How to build a career as an illustrator: 5 first-hand secrets
Unfortunately, talent is not enough to build a career as a successful illustrator. To a large extent, the professional rise of such a specialist is also conditioned by the correct attitude to his work, as well as by the very direction of his activity. Here is what the artists say about this, in whose place you probably dream of visiting.
Let the planning itself not be the key to the result. The situation can get out of control or lead to the wrong place, even if you strictly follow your own code. However, all this does not justify those who abandoned goal-setting.
According to renowned paleo illustrator William Stout, it is fundamentally important to share goals and desires in the process. After all, the first, as noted by the American artist, represent the “beginning of the motivational process.”
Take time to reflect
It does not matter how many hours or days are needed to implement the plan. Each creator should have an opportunity for reflection, digestion and comprehension of what was perceived and done. And in order not to vegetate in the bliss of contemplation, during breaks it is permissible to shake oneself up with small but concrete goals.
It is better to abandon global plans at this stage. Sometimes “something that takes a lot of time and effort has a negative impact,” notes British artist and fantasy fan Ralph Horsley.
Learn from your mistakes
But even achievable goals sometimes don’t work. Or they do not work as expected. Then you should immediately move on to staging and pursuing the following, without wasting your most precious resource on wringing your hands. “There is no time for regret,” stresses William Stout.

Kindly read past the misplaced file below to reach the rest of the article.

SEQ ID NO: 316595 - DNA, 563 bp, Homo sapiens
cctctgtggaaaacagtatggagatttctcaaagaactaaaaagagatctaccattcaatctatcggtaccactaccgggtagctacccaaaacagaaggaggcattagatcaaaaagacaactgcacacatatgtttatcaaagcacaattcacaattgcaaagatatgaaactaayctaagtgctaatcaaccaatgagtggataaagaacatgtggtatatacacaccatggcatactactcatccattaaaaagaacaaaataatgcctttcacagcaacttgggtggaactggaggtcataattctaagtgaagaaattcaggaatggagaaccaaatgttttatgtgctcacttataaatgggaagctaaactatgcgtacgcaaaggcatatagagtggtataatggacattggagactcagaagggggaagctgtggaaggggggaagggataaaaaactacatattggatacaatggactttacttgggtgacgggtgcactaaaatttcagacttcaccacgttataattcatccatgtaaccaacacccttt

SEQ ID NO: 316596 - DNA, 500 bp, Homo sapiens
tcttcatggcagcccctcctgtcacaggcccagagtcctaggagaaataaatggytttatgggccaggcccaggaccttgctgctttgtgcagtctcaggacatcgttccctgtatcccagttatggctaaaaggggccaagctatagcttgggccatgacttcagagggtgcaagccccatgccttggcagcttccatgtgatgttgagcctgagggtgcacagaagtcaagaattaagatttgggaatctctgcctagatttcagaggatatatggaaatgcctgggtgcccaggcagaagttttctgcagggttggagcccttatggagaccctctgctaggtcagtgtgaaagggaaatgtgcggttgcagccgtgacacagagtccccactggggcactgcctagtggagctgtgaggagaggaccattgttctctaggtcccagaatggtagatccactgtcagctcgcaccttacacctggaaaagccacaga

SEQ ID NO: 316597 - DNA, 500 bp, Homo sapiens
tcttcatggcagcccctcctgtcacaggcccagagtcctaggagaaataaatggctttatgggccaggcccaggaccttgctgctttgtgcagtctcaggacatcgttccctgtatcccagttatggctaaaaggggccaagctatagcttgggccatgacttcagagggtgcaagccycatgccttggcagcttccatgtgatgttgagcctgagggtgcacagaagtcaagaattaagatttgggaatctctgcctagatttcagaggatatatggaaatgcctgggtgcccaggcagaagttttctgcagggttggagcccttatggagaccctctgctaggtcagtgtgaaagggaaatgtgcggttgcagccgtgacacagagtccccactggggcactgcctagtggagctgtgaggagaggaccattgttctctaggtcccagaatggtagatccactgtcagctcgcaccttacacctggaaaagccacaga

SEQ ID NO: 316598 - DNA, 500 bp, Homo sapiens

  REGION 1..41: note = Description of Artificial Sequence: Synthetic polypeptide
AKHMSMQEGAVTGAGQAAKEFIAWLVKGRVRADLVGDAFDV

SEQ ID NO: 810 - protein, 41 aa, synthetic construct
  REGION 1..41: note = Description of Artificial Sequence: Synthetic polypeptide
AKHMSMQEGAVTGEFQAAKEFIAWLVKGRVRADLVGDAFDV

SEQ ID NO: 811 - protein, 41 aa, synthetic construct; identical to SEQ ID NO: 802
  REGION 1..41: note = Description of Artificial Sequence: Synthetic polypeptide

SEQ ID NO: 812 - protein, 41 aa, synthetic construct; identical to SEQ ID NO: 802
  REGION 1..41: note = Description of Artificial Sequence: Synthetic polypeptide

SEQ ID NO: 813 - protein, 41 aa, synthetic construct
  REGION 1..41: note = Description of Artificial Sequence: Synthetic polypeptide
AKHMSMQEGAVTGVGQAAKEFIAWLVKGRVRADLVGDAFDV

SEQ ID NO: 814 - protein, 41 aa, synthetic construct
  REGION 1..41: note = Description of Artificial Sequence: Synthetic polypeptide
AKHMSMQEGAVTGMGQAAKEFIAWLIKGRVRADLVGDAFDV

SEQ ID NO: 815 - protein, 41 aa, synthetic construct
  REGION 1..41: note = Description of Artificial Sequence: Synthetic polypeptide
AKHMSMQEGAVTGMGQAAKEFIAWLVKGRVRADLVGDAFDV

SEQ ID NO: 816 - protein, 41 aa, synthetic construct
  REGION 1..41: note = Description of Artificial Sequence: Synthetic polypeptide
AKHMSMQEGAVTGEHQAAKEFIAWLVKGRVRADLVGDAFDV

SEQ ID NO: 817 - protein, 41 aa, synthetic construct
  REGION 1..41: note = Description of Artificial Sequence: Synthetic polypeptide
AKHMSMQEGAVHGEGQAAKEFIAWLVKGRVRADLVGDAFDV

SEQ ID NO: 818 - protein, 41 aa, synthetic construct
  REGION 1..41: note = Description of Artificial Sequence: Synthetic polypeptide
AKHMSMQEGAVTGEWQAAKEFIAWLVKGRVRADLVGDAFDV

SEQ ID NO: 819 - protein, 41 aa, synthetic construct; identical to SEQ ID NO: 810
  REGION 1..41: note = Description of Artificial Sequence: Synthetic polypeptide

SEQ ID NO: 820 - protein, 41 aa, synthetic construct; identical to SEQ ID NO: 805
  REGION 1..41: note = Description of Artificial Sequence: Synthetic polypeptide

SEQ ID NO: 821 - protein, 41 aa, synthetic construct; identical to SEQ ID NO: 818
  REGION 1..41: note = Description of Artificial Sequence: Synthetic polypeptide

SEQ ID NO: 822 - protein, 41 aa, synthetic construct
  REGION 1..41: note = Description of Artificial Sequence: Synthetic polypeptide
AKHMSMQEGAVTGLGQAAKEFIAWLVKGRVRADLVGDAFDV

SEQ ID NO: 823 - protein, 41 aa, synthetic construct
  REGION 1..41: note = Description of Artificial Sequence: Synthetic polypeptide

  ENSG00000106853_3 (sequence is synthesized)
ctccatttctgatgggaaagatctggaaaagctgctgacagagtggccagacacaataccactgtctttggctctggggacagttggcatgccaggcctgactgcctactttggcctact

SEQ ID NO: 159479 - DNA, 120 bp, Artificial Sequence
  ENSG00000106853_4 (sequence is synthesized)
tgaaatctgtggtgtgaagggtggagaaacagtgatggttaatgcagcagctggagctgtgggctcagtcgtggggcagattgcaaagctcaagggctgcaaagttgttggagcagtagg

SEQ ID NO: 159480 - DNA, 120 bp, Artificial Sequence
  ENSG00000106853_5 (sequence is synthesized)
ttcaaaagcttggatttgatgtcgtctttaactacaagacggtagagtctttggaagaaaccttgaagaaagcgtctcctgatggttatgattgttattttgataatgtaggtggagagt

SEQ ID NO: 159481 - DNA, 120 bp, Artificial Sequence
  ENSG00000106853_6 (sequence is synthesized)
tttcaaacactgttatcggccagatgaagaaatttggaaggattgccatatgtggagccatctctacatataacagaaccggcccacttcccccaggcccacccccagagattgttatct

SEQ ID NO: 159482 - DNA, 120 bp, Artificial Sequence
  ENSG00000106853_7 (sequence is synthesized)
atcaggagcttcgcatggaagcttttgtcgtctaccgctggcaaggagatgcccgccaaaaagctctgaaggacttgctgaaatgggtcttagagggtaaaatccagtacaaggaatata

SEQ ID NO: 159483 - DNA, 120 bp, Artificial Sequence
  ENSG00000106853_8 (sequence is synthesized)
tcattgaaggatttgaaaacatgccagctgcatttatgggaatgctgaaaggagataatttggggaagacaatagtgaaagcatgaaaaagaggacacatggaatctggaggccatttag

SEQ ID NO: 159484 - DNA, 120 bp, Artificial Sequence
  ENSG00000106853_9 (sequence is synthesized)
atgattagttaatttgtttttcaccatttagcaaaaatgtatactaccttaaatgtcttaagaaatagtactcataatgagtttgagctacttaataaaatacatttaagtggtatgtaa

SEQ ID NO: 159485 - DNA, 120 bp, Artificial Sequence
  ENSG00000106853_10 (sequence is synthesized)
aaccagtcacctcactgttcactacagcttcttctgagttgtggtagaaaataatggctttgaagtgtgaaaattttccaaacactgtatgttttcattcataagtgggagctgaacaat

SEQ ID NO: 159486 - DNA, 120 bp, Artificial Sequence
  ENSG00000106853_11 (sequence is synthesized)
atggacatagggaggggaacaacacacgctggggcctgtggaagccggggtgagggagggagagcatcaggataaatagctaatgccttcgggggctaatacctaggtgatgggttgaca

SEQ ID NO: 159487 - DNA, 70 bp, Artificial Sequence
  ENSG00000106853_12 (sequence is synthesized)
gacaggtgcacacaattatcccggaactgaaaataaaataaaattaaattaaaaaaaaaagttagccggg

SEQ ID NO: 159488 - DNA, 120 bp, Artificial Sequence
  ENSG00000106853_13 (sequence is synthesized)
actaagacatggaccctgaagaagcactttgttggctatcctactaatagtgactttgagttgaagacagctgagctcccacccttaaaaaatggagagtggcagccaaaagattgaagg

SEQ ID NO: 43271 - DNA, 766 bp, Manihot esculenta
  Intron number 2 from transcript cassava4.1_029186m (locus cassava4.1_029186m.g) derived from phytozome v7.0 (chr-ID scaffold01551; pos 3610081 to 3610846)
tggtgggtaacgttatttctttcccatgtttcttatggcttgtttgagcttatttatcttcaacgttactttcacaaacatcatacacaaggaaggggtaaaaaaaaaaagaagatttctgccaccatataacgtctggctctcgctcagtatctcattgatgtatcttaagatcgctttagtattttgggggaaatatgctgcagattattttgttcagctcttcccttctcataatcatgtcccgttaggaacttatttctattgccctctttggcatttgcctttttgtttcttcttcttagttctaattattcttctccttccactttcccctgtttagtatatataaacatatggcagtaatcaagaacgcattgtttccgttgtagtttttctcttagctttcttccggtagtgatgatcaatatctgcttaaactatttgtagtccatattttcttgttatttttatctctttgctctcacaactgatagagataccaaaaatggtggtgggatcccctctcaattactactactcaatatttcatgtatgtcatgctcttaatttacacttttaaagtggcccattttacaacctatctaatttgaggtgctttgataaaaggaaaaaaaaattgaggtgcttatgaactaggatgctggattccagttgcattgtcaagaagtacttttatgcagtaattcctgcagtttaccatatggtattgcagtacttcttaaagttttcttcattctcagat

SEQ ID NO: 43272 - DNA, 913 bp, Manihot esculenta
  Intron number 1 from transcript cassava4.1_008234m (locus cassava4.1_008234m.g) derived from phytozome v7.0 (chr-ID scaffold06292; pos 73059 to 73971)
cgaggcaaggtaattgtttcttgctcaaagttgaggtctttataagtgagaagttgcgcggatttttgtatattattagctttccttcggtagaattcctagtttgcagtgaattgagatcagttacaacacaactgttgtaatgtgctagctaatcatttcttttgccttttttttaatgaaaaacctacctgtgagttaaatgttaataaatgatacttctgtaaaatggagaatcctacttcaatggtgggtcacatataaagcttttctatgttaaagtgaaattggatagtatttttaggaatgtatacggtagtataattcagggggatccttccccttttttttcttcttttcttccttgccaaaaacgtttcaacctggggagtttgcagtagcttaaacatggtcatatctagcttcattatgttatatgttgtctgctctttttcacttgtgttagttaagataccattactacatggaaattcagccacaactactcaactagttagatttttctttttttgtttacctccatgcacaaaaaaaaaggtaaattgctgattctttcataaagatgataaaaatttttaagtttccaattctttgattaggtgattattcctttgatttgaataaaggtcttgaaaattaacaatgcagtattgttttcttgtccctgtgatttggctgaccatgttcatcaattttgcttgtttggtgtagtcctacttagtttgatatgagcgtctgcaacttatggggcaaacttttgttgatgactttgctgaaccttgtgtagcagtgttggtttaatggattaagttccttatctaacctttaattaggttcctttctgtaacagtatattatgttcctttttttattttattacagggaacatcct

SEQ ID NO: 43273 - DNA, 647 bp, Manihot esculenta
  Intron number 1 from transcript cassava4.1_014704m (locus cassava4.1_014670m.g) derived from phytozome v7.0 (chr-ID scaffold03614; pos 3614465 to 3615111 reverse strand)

“It’s impossible to achieve all the goals set,” says Svetlin Velinov, an artist from Bulgaria, who has worked on illustrations for Warhammer 40K and World of Warcraft. Defeats teach us to draw personal boundaries between “good” and “bad”, Velinov notes, and thus make us evolve.
The good news is that you could read the article from this point, and here’s why. From the examples of the three previous speakers, it may seem that a successful illustrator is somehow connected with the depiction of mythical or very ancient creatures.
This is not true.
For example, the artist Bruce Kaiser, at a tender age, assumed that he would connect his professional future with the genre of science fiction. But after graduating, I realized that his other hobby – a passion for classic cars – can also generate income.
Ultimately, Kaiser became one of the leading car illustrators. The lack of competition in this segment at one time served him well: “I was constantly busy with work, day after day, and never followed any plan.”
Regardless of the scale of goals and aspirations, and even apart from the greatness of talent, the main thing for an artist is practice. As Leslie Barani, agent of Hans Rudolph Giger, said: “Stop trying – do it.”
Author: Denis Strigun
Cover photo: ShutterStock